Remember I said that the thing earlier with Sean and Julie’s boyfriend was kind of a nice moment? Now, we have a funny moment. Sean goes out trick or treating with Carolyn. It was supposed to be both Carolyn and Julie, but Julie ditched them and took off with her boyfriend. Well, Carolyn is still a decent person and takes the boy trick or treating. Again, it’s very nice how some of the adults treat this kid. It’s probably because this kid has the same last name as the director. Just sayin’.
They go to a house and whose is it? The weirdo creep at the beginning telling Sean the creepy story about Mr. Jacko that kicked off this whole movie. He comes out dressed like the Phantom of the Opera and tells Sean he’s “been expecting” him. You know, like a real creep. Well, neither Sean nor Carolyn look impressed.
Julie and her boyfriend go off to fuck in the woods. Mr. Jacko watches. He starts walking in the woods, and Julie gets spooked. She says she doesn’t want to take part in the fucking because someone is out there in the woods. She puts her boobs away and her boyfriend decides to go to the store to get booze and leaves Julie out in the woods by herself.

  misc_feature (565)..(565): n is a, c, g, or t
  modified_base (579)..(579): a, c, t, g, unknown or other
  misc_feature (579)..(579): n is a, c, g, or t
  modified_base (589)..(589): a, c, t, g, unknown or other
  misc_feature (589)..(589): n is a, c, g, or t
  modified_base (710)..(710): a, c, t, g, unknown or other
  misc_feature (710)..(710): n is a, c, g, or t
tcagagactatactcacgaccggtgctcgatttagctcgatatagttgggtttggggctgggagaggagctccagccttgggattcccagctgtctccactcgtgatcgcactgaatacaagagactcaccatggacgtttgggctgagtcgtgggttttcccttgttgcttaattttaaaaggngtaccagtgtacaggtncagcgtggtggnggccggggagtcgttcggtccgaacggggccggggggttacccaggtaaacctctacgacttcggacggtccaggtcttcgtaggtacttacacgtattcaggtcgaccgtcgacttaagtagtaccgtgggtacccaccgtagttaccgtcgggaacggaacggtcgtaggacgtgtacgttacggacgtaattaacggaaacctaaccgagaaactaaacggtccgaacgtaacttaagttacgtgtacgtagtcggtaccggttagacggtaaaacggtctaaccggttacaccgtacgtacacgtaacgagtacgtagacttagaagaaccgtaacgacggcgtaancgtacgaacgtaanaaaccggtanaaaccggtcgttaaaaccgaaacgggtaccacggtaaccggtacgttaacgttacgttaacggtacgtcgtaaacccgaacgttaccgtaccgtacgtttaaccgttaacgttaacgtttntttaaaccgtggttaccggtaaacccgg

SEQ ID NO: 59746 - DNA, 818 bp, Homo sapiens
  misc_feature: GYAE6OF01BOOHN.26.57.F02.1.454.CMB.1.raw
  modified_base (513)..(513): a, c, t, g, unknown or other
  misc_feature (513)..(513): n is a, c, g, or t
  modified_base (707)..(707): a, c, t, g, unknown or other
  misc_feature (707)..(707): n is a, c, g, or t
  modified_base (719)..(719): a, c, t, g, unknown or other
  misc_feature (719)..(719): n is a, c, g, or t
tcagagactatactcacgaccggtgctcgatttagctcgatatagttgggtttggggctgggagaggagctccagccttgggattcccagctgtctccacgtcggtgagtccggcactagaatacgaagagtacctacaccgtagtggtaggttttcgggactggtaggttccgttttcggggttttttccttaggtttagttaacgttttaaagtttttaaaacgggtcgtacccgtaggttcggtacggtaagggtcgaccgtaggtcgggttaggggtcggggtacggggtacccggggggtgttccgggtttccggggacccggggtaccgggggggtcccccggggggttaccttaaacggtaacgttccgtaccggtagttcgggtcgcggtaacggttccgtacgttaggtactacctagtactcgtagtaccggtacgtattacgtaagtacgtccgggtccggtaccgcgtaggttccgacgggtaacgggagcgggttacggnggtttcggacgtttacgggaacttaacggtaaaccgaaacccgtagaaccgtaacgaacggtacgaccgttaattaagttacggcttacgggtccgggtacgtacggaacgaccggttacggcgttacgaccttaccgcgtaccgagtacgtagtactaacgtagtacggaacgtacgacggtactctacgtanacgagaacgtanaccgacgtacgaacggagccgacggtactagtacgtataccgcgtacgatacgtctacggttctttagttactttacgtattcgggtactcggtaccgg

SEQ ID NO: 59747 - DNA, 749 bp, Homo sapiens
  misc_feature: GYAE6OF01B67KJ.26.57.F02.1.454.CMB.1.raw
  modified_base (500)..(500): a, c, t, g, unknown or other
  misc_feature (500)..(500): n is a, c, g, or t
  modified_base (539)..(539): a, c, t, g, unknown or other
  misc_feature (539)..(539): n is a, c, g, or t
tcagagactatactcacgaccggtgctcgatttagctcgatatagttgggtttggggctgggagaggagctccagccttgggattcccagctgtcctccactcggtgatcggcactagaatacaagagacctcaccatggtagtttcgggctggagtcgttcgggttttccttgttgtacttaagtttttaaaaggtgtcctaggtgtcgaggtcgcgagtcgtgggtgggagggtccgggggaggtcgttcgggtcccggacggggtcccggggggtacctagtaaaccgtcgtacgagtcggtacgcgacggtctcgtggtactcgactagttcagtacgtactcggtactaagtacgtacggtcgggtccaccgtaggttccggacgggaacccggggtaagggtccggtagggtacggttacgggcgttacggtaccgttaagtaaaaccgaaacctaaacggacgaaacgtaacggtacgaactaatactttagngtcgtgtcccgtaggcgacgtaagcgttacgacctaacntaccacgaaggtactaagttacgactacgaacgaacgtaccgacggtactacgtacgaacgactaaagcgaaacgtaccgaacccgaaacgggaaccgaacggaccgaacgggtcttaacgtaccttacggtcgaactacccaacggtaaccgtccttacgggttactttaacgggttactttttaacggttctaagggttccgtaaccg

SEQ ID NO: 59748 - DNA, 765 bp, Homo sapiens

A big part of the problem with this movie is that it spends a lot of time of having Halloween shenanigans going on like the Spookshow, couples fucking in the woods, trick and treating, you get the idea, but it doesn’t really go anywhere. Mr. Jacko watches people, and you think he’ll attack, but he just walks off and then you see him some place else in the very next shot. I guess he’s supposed to only go after people who had something to do with the lynching in the past, but he also killed those three goofballs right after he was reanimated. What gives? Does he just decide to only kill some people on top of the people he’s supposed to go after? Why didn’t he kill any of the Kelly family? He had lots of opportunity to do so in more than one occasion. So… why not?